News: MikroTik and Ubiquiti fix WPA2 Client Vulnerability

For those unfamiliar with this latest WPA2 Security Vulnerability, please bear in mind the problem is on the client device, not the AP. Therefore rushing to patch your APs is not going to solve all the problems in your network from this vulnerability!

Of course, if you’re using WPA-TKIP (or using ‘both’ TKIP and AES), you DO have more problems than this attack. Therefore please ensure that any support for TKIP is disabled!  If you’re using WEP, this vulnerability will not affect you, but then again, you have even bigger problems anyway!

So, is WPA2-AES well and truly broken? Do we now need a “WPA3”? In our opinion, no. But it is very possible that the 802.11 standards committee and WiFi-Alliance may look at the protocol again and see if there is anything that can be done to mitigate against this in future releases of the standard.

What have MikroTik and Ubiquiti have to say and what have they done about this?

CERT/CC/ICASI released a public announcement today (16th Oct 2017) about discovered vulnerabilities within the way a wireless client handles the WPA2 4-way security handshake that potentially affects many WiFi users and wireless vendors world wide.  Most affected are Android and Linux client devices, however some of the discovered vulnerabilities could possibly also affect MikroTik RouterOS when in one of the many Station modes and Ubiquiti UAPs when Uplinking or Meshing therefore as a precaution, both vendors have hardened their code against such an attack.  However, the major problem is with the client devices and therefore maybe something beyond your ability to control.  Especially with very low cost IoT devices, which may not get patched for years.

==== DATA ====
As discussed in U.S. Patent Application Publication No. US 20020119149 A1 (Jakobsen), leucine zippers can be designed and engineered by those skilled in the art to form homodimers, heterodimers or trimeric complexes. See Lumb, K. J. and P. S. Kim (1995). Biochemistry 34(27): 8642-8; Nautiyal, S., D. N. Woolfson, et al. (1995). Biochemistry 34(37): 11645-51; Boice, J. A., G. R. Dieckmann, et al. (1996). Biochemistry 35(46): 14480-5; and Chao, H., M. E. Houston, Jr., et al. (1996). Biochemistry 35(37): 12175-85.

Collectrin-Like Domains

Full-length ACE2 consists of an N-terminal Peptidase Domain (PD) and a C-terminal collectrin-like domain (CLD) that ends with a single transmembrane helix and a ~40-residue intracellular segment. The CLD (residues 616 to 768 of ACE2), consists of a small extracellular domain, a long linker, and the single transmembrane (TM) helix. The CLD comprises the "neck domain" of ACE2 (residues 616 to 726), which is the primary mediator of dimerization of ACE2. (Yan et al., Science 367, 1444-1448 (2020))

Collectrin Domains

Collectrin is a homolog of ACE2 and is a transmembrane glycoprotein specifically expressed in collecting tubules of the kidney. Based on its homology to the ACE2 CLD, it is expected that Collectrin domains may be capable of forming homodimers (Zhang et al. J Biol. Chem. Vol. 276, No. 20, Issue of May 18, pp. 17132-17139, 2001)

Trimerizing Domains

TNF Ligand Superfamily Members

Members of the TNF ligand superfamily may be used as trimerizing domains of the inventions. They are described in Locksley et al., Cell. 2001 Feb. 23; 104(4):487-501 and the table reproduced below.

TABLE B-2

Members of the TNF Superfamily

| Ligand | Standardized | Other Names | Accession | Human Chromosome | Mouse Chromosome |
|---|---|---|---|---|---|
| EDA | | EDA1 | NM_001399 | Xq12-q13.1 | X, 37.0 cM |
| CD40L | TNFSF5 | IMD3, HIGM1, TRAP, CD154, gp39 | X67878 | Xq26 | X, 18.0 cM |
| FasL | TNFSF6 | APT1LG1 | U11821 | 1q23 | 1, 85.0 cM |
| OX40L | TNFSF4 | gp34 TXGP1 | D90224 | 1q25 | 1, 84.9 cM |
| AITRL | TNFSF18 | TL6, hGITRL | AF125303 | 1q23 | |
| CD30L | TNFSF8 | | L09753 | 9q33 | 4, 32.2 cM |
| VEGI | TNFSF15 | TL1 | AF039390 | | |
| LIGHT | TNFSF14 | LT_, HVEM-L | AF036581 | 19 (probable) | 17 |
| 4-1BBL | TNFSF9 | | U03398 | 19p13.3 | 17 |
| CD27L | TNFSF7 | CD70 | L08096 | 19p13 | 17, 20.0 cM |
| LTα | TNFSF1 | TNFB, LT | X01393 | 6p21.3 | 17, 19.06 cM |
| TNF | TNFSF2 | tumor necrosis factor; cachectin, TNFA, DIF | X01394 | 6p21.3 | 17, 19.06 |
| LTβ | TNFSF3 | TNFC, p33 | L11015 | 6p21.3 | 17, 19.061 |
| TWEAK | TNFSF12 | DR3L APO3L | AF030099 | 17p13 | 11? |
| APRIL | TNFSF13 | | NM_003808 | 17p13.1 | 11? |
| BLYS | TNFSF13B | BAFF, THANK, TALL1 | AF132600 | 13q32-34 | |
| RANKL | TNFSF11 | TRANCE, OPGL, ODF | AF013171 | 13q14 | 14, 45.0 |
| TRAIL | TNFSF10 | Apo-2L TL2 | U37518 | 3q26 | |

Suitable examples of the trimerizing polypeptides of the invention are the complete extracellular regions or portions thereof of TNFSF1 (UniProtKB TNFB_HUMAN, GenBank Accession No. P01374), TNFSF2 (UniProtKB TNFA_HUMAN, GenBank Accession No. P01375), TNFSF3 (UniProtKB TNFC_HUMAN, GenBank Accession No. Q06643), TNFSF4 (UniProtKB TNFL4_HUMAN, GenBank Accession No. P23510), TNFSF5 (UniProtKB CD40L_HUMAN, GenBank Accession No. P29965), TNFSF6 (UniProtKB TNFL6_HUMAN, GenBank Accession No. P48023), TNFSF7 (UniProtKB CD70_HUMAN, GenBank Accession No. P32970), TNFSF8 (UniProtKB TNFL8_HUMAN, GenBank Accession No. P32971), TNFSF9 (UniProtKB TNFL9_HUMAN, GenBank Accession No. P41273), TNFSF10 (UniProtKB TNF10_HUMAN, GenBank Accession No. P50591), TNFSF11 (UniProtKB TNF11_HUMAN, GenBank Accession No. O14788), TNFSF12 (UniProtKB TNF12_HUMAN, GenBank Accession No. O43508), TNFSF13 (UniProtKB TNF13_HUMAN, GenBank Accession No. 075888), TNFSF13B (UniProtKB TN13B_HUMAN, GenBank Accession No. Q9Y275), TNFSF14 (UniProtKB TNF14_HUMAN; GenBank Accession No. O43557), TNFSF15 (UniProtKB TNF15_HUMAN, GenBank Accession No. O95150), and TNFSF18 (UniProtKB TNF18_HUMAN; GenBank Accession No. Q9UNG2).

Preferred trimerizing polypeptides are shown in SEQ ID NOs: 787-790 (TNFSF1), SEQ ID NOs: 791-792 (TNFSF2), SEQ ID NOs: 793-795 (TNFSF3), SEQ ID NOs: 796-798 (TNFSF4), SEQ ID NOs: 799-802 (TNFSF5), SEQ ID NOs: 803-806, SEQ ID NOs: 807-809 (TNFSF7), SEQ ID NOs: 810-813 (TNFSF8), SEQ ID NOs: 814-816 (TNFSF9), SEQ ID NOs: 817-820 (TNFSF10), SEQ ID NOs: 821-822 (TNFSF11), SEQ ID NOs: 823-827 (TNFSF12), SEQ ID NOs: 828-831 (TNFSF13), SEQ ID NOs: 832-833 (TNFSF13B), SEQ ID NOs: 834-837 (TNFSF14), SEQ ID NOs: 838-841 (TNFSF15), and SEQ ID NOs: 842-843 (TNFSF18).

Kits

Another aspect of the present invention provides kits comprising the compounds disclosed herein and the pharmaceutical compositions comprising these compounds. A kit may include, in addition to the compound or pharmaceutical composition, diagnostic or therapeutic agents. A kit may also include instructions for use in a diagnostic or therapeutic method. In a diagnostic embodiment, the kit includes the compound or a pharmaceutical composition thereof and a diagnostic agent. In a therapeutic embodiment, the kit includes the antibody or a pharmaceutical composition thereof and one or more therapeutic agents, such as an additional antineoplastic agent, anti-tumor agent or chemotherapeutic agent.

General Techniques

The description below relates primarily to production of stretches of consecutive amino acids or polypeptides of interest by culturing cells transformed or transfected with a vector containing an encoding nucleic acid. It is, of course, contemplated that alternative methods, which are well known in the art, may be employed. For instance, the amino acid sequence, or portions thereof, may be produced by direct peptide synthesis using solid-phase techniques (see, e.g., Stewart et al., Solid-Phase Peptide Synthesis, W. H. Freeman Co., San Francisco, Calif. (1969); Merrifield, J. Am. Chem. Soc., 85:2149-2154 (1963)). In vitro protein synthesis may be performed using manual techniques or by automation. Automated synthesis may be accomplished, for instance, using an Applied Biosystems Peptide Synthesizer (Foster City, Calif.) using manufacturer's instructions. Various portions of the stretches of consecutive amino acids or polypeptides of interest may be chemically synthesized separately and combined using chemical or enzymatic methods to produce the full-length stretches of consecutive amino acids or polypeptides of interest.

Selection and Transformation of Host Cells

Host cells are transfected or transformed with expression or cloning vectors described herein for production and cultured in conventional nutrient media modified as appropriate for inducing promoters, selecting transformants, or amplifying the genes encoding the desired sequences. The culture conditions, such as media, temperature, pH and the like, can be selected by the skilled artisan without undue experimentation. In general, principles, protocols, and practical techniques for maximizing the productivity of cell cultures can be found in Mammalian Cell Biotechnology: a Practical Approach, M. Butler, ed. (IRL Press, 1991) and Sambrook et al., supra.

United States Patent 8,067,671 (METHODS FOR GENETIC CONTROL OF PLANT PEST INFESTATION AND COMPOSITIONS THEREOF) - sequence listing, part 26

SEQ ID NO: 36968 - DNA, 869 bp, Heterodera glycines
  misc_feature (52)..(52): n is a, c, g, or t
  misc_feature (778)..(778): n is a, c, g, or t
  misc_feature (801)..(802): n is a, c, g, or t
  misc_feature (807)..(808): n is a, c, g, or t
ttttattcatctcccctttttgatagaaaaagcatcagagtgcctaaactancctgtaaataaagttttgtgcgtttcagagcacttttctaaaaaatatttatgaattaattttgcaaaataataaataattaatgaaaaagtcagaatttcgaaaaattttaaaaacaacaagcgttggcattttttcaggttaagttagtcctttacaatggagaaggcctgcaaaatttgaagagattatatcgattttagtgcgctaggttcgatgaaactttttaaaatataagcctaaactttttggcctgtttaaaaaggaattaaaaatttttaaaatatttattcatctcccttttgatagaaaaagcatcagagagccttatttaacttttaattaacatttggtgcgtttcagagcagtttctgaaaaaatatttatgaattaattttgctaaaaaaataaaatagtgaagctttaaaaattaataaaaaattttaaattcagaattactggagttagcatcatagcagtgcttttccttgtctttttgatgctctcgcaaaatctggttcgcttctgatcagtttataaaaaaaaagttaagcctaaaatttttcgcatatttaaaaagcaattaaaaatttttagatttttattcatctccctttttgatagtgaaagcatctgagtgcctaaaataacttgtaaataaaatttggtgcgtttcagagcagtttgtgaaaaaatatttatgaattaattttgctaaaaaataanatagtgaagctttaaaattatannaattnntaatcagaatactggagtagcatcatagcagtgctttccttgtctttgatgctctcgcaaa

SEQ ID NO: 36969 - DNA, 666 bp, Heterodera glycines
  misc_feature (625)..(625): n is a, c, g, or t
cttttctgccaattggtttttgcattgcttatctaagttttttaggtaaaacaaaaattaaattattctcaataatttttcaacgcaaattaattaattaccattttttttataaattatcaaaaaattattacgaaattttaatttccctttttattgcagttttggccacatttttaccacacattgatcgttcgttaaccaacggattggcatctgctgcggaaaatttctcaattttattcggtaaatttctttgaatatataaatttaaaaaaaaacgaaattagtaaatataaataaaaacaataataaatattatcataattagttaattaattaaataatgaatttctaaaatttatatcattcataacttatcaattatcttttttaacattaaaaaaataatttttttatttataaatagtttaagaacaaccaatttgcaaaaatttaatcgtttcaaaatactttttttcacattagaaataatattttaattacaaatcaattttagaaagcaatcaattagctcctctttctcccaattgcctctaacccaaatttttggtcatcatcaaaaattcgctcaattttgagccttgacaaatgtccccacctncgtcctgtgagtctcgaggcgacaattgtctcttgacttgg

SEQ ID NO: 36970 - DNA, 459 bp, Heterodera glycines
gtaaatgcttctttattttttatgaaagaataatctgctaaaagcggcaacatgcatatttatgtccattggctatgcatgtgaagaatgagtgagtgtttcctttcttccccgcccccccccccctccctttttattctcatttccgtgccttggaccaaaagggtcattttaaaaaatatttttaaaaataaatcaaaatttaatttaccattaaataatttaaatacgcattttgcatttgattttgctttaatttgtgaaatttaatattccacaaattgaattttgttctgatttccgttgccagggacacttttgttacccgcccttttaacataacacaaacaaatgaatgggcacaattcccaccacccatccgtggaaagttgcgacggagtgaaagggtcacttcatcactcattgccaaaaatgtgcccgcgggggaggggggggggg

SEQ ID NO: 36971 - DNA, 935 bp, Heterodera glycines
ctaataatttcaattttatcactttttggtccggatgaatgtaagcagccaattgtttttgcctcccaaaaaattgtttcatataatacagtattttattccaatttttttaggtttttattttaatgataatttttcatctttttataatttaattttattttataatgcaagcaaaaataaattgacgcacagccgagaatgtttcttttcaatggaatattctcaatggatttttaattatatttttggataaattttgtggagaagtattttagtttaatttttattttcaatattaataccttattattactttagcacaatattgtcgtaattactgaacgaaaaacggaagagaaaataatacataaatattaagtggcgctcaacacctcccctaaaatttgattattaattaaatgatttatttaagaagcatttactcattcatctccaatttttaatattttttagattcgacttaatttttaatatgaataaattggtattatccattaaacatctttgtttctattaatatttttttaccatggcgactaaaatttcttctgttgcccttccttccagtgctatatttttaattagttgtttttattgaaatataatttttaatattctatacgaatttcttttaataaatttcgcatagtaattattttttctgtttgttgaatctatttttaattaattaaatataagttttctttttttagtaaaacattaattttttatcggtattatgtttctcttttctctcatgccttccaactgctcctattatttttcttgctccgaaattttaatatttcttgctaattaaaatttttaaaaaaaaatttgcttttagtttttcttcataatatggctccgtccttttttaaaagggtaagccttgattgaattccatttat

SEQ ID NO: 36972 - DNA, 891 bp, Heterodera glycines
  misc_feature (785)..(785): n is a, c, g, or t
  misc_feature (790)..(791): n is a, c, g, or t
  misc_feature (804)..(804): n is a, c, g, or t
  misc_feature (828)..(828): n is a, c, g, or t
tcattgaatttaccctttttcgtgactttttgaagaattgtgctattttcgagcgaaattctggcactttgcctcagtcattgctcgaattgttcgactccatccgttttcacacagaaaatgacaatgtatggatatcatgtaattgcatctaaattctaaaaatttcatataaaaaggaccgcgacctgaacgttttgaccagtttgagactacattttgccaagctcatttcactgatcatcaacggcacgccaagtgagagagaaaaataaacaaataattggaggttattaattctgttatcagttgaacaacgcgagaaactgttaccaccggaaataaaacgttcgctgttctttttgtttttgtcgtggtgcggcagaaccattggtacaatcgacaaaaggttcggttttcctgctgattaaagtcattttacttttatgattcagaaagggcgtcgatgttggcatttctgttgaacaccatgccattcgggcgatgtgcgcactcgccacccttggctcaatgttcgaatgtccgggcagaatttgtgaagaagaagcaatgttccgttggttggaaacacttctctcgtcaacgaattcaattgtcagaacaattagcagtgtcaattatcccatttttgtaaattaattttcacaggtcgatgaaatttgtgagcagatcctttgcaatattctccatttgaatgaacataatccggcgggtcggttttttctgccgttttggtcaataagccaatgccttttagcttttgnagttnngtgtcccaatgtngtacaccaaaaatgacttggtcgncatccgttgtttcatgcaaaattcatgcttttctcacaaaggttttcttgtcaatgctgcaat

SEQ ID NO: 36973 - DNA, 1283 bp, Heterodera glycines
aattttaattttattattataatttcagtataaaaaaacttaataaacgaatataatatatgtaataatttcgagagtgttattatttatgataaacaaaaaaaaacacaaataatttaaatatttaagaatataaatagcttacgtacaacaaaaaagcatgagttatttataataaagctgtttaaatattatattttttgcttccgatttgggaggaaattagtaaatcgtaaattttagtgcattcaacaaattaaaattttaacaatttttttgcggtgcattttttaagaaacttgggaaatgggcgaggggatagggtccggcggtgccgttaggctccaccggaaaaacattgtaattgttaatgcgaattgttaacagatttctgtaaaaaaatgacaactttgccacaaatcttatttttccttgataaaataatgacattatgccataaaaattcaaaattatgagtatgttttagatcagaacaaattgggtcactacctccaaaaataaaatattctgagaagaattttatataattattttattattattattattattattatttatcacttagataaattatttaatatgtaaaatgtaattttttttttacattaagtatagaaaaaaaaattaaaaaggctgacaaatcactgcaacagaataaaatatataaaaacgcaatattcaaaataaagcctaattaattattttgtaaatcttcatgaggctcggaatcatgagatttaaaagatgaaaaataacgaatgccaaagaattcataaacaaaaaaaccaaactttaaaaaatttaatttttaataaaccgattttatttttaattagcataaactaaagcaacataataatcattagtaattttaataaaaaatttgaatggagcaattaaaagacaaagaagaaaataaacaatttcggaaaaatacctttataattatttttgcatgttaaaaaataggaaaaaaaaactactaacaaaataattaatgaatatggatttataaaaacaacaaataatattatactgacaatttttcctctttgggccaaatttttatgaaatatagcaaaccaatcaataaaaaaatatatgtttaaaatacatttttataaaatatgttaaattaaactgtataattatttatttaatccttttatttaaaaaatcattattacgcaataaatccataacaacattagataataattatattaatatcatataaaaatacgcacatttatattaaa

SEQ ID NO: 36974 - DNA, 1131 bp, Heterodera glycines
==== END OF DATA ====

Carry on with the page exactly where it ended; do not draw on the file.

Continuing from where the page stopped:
MikroTik have stated that RouterOS v6.39.3, v6.40.4, v6.41rc are not affected which were released last week.

Ubiquiti have stated that UAP Firmware v3.9.3.7537 released today (16th Oct) fixed most of the vulnerabilities.

MikroTik have stated that it is important to note that the vulnerability has been discovered in the WPA2 protocol itself, so even a correct wireless configuration is potentially affected and that not all of the discovered vulnerabilities directly impact RouterOS users, or even apply to RouterOS, but MikroTik  have followed all the recommendations and improved the key exchange process according to the guidelines MikroTik received from the above organizations who discovered the issue.

For more info see the research paper at

MikroTik –

Ubiquiti –


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